Michio Kaku talks about what would happen if SETI did discover unambiguous alien communications.
Personally, I think it's moot because as I've stated before, the SETI protocol for confirmation makes discovery of alien communications
To recant; SETI first listens to very narrow band channels, thus it is unable to detect modulation or sidebands, it is only capable of detecting
carriers. Most of our modern communications is moving away from simple modulated carriers into modulation schemes that spread the information out
across a very broad bandwidth because these schemes make the most efficient use of bandwidth, power, and are most immune to interference.
SETI would not be able to receive any information transmitted and with our most modern communications it wouldn't register anything at all except
perhaps a slight rise in background noise.
But in addition to that problem, even with huge amounts of power, with the distances involved, a signal could only be received with very high gain
(dish) antennas pointed directly at each other.
Because the Earth is rotating, and orbiting a star that is orbiting in a galaxy, and the galaxy itself has motion relative to other galaxies, and
because the distant transmission would likely also be on an planet that is rotating, orbiting a star, which is orbiting in a galaxy that has motion
relative to our own, any chance alignment of two high gain antennas would be brief.
But SETI protocol is as follows:
1) A candidate signal is received.
2) The antenna is pointed off a few degrees to confirm that the signal is indeed from space and not terrestrial interference. If the signal goes away
then the antenna is pointed back to the original location and the signal is looked for again. The beam width of the antennas is probably sufficient to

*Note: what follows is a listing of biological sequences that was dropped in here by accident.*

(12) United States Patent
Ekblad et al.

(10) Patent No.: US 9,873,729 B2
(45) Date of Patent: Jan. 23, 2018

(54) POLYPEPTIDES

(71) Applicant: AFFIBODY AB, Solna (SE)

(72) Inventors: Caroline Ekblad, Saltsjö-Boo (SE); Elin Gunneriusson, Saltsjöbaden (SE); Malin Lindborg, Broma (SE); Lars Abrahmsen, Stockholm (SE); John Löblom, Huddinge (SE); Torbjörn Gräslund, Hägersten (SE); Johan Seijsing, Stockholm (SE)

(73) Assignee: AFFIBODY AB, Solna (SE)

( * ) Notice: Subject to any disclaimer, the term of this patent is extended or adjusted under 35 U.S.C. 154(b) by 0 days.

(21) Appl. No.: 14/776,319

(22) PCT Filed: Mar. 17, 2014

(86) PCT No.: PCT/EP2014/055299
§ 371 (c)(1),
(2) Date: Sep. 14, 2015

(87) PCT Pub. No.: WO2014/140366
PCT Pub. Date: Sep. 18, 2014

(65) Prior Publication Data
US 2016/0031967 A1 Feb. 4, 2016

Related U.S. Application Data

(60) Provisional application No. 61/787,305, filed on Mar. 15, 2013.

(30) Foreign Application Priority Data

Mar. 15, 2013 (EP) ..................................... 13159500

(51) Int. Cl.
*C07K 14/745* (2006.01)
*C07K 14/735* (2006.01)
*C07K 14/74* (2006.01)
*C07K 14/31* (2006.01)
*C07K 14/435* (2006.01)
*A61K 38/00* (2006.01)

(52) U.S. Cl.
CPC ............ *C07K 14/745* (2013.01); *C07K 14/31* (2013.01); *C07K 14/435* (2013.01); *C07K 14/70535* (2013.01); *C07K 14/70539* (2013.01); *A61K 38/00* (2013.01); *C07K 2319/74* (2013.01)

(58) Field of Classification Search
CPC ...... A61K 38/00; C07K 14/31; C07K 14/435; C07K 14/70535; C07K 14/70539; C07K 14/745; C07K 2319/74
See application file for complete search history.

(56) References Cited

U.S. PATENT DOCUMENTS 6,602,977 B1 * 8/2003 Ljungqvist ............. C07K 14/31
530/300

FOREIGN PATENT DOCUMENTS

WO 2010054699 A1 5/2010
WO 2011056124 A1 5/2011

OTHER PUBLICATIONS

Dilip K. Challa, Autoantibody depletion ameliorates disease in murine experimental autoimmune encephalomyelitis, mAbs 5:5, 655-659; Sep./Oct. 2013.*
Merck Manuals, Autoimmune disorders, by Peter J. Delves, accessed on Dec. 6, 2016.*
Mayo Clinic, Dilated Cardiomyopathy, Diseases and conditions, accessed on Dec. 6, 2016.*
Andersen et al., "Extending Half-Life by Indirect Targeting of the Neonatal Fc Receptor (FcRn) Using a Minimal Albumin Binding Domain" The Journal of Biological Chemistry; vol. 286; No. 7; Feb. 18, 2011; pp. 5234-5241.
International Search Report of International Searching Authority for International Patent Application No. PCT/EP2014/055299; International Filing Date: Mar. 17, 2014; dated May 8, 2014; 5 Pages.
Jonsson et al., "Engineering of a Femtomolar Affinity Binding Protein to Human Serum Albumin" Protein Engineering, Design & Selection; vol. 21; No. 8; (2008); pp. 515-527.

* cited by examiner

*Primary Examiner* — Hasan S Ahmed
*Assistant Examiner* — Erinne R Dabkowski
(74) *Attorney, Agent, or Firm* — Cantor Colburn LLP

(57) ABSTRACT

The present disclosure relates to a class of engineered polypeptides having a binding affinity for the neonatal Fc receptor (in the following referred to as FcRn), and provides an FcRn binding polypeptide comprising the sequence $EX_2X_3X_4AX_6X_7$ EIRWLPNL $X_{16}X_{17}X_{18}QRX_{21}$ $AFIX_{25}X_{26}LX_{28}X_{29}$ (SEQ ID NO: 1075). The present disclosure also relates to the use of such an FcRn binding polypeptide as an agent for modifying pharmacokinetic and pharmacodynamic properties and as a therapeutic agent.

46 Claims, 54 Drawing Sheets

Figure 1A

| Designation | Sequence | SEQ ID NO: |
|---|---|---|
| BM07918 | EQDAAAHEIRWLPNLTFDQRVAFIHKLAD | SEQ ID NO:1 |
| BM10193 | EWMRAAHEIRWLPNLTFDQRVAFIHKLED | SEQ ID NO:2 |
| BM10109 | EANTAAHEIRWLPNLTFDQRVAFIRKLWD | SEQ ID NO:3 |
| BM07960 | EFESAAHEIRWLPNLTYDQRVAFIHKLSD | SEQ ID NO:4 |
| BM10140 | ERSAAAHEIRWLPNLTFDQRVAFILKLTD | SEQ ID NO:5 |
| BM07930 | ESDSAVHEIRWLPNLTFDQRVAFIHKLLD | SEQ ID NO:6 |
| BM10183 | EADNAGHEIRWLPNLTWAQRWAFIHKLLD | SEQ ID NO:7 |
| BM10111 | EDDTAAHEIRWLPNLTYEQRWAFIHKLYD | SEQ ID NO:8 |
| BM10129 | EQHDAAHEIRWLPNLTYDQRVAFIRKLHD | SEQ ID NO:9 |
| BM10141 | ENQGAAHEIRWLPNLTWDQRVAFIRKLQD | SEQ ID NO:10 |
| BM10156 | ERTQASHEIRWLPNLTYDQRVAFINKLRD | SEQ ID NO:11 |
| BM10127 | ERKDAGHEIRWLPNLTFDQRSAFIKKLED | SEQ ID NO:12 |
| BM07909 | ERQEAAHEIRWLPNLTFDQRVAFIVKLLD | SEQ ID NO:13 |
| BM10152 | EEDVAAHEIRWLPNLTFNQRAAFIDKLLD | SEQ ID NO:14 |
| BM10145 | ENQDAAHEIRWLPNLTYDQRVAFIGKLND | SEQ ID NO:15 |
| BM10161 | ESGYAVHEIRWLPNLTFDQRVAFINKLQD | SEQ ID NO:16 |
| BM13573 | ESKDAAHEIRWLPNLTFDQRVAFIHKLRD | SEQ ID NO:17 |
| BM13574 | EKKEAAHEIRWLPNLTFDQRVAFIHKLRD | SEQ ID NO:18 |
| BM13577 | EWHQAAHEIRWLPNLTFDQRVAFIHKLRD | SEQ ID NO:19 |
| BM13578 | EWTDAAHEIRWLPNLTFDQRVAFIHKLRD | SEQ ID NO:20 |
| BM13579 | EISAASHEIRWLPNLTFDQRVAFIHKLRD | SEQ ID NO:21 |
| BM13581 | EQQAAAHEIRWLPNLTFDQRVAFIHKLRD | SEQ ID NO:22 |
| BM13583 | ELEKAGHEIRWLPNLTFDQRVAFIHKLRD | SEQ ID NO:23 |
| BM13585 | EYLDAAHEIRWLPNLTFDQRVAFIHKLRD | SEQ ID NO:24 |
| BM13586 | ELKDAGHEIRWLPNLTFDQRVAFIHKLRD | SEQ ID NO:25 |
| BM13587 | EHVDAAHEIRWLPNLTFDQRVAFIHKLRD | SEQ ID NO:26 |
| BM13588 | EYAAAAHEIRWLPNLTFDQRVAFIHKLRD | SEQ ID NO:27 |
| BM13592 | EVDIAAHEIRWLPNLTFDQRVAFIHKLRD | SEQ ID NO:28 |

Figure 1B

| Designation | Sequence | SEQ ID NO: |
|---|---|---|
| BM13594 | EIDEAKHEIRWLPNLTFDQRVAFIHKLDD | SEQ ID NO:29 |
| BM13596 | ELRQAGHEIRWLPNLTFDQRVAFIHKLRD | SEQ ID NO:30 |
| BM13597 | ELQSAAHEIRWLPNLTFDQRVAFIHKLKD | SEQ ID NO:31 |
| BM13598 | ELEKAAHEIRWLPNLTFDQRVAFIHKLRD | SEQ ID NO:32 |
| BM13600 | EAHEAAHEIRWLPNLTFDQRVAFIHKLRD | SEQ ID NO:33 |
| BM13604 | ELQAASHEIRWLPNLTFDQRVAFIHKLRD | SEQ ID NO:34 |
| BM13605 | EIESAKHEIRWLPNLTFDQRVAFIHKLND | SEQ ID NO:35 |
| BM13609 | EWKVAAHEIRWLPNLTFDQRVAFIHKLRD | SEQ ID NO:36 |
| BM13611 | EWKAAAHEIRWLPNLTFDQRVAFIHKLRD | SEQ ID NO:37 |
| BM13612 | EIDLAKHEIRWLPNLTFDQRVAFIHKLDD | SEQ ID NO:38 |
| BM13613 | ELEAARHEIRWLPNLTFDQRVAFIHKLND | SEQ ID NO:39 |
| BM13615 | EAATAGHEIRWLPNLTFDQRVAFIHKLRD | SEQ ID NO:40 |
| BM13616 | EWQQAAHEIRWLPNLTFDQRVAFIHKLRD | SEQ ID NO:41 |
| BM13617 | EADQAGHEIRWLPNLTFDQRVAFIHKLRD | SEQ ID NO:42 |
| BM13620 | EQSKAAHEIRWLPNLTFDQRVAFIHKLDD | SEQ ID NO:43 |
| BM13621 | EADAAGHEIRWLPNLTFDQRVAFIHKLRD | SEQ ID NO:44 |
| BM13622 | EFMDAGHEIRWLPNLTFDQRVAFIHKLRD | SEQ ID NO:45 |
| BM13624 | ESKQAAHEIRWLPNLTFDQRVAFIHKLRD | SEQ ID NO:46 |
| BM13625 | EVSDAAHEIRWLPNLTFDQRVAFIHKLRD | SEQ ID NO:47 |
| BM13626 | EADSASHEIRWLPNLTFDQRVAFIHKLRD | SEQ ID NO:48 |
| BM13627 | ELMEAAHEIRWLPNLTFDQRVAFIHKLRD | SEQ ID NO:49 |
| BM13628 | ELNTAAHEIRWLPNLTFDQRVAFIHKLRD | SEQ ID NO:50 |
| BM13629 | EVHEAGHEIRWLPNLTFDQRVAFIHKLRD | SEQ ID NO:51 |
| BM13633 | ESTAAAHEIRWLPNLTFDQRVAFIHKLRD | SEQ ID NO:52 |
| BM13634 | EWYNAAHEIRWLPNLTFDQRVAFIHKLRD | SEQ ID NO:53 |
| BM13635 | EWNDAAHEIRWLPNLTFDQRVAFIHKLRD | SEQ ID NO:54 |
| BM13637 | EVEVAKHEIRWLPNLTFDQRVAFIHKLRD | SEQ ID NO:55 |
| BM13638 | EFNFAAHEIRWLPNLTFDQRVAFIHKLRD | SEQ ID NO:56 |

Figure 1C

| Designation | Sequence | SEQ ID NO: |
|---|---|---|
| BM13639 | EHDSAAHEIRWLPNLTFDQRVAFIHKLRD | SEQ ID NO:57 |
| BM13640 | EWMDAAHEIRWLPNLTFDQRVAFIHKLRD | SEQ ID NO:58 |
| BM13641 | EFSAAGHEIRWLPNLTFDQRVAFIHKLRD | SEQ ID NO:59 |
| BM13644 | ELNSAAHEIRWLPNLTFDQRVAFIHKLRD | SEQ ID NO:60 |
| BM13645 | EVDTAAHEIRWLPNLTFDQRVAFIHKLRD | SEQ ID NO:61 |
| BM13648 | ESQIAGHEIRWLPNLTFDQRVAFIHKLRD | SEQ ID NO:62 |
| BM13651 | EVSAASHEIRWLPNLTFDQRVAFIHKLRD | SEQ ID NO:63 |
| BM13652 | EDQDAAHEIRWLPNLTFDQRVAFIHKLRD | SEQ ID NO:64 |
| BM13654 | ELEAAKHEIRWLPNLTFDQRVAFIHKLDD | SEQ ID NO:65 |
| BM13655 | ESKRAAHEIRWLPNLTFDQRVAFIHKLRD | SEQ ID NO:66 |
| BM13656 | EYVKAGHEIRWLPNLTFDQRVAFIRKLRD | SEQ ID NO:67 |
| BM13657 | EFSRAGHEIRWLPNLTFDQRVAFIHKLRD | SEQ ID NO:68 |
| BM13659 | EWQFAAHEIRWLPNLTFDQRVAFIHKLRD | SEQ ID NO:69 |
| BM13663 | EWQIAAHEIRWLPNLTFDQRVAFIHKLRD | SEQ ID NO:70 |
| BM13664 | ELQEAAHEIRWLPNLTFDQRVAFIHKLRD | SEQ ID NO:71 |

allow this step to be completed.
3) Another site distant on the Earth is notified to look for the signal. This serves to eliminate sources near Earth from Earth orbiting satellites.
Although a catalog of known signals is used to first eliminate signals originating from satellites, the military does not publish all of the signals
it's satellites generate and therefore this process is necessary. This will necessarily take some time and there is a strong likelihood that the
antennas will no longer be mutually aligned by the time it is completed.
4) Assuming by some miracle that step 3 is completed; the next thing that SETI does is wait a day and then look in the same place. By now surely any
chance alignment that existed will be gone and no signal will be found.
The ONLY way that SETI will detect an alien signal is if they crash a saucer into the building or aliens are intentionally beaming a signal
specifically at us and keep re-aligning their antenna to track the movement of Earth relative to their position.
Given all of these variables, I don't think SETI is ever likely to detect anything making what they do after detection entirely moot.
That said; SETI has detected some signals that appear to be extraterrestrial and not possessing characteristics of any known natural objects, but none
of them were observable the next day thus none passed SETI protocol requirements.
There are many natural sources of radio waves, such as hydrogen gas MASARs (a microwave analog of a LASER), that, with a receiver only capable of
listening to an extremely narrow bandwidth, would be very difficult to discerne from any artificial source.